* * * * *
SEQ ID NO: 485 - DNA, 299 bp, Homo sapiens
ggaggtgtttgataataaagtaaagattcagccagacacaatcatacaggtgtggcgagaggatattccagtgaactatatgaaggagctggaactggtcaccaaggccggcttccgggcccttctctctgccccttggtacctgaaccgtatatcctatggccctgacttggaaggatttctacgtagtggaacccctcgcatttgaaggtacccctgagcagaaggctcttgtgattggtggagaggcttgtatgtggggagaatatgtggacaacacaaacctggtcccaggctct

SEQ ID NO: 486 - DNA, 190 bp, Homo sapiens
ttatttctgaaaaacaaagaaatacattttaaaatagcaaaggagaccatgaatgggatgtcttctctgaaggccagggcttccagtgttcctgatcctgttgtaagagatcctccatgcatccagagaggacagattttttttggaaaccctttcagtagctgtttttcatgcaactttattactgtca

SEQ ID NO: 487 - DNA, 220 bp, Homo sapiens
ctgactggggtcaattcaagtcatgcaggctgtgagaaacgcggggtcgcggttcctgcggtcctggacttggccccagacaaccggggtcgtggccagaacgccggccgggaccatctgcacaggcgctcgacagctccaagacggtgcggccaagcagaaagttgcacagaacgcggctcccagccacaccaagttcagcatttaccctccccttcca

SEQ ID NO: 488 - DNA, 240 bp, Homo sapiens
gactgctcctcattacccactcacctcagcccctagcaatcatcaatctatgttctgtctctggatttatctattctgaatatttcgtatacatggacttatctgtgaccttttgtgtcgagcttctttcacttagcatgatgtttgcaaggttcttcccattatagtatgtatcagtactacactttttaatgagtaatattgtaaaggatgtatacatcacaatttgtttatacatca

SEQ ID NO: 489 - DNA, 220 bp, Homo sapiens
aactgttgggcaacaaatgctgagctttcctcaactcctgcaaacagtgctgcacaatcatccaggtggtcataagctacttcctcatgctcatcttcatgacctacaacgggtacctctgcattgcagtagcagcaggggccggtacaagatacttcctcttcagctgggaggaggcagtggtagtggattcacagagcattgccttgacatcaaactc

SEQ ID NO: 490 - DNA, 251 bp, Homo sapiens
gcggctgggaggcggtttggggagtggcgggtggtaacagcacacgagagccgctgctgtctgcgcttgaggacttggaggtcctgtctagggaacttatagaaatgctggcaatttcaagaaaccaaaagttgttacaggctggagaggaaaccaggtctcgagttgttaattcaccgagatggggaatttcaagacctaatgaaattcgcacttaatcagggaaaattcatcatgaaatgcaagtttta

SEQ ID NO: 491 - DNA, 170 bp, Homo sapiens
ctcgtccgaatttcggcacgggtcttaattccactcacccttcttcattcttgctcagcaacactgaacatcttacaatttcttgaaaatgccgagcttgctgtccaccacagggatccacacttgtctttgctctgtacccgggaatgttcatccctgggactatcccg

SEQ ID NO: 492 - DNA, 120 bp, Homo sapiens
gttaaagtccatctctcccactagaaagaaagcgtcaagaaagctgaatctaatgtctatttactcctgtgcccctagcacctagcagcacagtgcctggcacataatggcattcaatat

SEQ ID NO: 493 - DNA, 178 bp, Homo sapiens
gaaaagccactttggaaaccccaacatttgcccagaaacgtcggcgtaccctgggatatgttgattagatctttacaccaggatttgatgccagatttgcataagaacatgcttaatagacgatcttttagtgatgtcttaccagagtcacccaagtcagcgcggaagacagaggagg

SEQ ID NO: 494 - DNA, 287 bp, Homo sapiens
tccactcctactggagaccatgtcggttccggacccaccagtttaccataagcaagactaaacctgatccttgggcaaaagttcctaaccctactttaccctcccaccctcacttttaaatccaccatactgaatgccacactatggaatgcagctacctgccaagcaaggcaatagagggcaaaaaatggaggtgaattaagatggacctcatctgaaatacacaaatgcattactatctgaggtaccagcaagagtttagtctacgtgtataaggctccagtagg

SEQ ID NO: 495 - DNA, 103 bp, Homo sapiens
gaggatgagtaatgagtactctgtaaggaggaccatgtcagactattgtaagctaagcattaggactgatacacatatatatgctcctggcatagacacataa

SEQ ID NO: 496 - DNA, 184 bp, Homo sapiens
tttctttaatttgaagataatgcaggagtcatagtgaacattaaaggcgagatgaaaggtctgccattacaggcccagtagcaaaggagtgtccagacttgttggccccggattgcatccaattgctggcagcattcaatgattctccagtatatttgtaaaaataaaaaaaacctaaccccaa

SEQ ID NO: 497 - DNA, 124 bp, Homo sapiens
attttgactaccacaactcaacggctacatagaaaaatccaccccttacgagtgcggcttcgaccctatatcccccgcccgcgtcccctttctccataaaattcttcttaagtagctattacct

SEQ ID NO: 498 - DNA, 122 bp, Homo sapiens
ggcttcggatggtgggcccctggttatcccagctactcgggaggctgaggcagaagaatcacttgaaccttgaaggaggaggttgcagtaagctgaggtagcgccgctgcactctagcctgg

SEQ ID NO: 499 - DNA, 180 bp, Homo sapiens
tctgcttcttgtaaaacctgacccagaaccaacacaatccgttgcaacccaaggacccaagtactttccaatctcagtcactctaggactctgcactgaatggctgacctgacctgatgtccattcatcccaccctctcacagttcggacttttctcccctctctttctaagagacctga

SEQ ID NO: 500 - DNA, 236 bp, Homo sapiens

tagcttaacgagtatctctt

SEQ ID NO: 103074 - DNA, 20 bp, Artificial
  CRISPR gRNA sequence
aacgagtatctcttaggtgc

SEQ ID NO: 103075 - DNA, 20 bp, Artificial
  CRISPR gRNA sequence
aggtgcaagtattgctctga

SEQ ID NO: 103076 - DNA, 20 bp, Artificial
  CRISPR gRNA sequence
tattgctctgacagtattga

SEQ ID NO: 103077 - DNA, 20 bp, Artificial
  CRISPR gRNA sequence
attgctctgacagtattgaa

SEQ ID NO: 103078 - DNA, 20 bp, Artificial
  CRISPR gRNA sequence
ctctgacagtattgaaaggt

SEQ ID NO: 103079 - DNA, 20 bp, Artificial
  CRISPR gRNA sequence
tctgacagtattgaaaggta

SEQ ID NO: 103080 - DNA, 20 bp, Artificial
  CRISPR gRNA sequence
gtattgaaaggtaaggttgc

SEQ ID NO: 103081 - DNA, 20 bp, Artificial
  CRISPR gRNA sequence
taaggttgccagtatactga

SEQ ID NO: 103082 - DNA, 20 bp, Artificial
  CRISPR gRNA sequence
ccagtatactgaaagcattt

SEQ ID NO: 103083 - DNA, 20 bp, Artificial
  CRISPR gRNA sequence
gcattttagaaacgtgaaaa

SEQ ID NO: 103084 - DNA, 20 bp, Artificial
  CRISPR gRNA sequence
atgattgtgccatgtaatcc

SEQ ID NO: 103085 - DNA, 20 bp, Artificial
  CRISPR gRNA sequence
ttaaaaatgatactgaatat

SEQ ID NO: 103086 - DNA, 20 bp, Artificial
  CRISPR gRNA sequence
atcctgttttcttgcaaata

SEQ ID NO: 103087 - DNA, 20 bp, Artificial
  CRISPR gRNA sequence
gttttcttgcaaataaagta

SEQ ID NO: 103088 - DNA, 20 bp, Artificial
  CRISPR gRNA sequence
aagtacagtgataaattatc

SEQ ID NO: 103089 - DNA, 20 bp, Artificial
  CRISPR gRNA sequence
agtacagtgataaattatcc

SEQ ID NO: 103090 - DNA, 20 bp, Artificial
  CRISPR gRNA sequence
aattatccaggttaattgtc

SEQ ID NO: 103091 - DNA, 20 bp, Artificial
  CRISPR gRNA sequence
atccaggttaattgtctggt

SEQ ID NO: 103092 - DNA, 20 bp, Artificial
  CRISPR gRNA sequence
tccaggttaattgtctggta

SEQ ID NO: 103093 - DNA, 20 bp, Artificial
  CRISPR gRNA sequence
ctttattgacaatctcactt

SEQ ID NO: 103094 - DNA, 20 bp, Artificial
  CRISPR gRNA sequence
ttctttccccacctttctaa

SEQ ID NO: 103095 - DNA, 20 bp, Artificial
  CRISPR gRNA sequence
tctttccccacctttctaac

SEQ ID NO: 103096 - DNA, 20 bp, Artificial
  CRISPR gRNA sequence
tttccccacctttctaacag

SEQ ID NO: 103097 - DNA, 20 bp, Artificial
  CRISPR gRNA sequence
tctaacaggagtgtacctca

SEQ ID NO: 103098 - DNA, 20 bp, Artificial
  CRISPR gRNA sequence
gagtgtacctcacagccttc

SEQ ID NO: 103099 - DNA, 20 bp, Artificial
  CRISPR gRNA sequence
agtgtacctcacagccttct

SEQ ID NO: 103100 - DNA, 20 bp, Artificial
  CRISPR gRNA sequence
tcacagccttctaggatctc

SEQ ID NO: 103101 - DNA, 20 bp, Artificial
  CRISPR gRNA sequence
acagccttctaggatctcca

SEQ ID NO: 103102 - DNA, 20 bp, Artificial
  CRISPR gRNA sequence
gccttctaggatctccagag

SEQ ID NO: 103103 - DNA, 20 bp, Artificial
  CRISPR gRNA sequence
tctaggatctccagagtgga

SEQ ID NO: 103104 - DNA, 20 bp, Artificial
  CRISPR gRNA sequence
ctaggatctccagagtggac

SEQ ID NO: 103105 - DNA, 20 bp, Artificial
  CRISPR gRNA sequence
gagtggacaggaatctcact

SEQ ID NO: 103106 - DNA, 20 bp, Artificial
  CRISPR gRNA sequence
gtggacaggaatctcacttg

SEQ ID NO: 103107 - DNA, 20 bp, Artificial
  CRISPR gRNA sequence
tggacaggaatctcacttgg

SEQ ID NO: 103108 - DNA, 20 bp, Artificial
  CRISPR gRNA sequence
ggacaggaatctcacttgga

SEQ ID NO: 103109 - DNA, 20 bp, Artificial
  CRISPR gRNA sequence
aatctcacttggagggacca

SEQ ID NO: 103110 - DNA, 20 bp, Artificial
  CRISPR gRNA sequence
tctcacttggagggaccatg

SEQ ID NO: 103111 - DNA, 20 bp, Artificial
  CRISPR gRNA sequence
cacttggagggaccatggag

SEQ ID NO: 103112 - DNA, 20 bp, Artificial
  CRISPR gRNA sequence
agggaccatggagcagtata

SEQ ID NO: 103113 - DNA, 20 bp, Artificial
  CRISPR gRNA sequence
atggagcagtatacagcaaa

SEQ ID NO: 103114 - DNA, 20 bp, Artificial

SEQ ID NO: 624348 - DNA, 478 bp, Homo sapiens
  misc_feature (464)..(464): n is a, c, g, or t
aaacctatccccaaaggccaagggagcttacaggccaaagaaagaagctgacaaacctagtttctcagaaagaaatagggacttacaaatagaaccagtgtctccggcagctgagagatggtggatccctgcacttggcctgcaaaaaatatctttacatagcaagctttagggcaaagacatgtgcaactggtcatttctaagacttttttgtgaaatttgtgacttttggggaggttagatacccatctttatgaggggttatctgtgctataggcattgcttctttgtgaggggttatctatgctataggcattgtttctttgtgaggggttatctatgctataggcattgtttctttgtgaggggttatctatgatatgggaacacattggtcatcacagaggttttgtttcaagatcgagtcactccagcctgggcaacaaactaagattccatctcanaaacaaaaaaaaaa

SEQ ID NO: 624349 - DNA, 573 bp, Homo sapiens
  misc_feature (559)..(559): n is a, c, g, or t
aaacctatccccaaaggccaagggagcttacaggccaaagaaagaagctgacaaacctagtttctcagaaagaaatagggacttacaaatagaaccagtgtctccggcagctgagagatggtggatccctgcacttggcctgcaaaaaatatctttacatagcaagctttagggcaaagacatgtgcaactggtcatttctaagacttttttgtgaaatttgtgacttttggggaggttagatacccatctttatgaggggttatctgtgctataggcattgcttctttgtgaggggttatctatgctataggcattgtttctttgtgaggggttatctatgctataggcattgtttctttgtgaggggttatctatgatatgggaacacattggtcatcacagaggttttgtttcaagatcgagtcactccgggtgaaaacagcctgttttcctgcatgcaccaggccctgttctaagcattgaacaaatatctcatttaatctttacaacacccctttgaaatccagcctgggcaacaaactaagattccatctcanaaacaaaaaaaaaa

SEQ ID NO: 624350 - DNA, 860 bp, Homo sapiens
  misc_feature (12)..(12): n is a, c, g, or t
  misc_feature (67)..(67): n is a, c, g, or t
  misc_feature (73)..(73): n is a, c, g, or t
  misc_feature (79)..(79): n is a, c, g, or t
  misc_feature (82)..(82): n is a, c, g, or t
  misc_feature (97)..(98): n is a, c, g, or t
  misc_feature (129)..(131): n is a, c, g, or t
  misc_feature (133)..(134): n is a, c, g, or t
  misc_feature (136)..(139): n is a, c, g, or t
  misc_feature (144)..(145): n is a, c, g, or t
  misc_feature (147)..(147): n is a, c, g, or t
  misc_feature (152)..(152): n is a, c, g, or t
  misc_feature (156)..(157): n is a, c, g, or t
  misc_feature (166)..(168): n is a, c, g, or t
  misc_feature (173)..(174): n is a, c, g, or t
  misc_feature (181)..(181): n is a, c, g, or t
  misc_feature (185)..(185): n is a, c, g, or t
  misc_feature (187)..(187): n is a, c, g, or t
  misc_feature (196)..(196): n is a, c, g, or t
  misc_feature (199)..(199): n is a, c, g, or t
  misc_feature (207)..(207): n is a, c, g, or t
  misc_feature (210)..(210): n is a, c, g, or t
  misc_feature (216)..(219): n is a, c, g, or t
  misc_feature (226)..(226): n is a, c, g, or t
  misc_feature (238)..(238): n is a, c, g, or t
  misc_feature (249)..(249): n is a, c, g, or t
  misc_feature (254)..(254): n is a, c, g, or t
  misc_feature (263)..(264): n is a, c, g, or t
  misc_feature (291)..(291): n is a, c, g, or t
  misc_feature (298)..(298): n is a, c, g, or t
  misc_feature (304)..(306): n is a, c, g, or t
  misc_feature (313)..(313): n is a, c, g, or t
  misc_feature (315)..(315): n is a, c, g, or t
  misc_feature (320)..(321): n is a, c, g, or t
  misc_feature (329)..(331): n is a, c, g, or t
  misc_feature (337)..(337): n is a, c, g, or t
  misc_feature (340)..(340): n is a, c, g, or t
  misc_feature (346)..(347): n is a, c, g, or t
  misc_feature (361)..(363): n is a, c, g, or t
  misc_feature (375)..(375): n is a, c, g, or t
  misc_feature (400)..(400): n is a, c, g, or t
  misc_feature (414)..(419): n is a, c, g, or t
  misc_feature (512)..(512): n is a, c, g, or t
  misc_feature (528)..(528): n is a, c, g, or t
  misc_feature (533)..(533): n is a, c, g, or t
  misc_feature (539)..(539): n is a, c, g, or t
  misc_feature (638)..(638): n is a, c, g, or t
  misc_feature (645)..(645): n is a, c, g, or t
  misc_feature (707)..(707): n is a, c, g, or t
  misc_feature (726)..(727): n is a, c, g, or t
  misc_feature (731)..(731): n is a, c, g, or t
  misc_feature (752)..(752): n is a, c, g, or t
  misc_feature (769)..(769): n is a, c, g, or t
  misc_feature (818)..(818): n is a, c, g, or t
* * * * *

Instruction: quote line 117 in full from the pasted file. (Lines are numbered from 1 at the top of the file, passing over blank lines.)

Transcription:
SEQ ID NO: 103102 - DNA, 20 bp, Artificial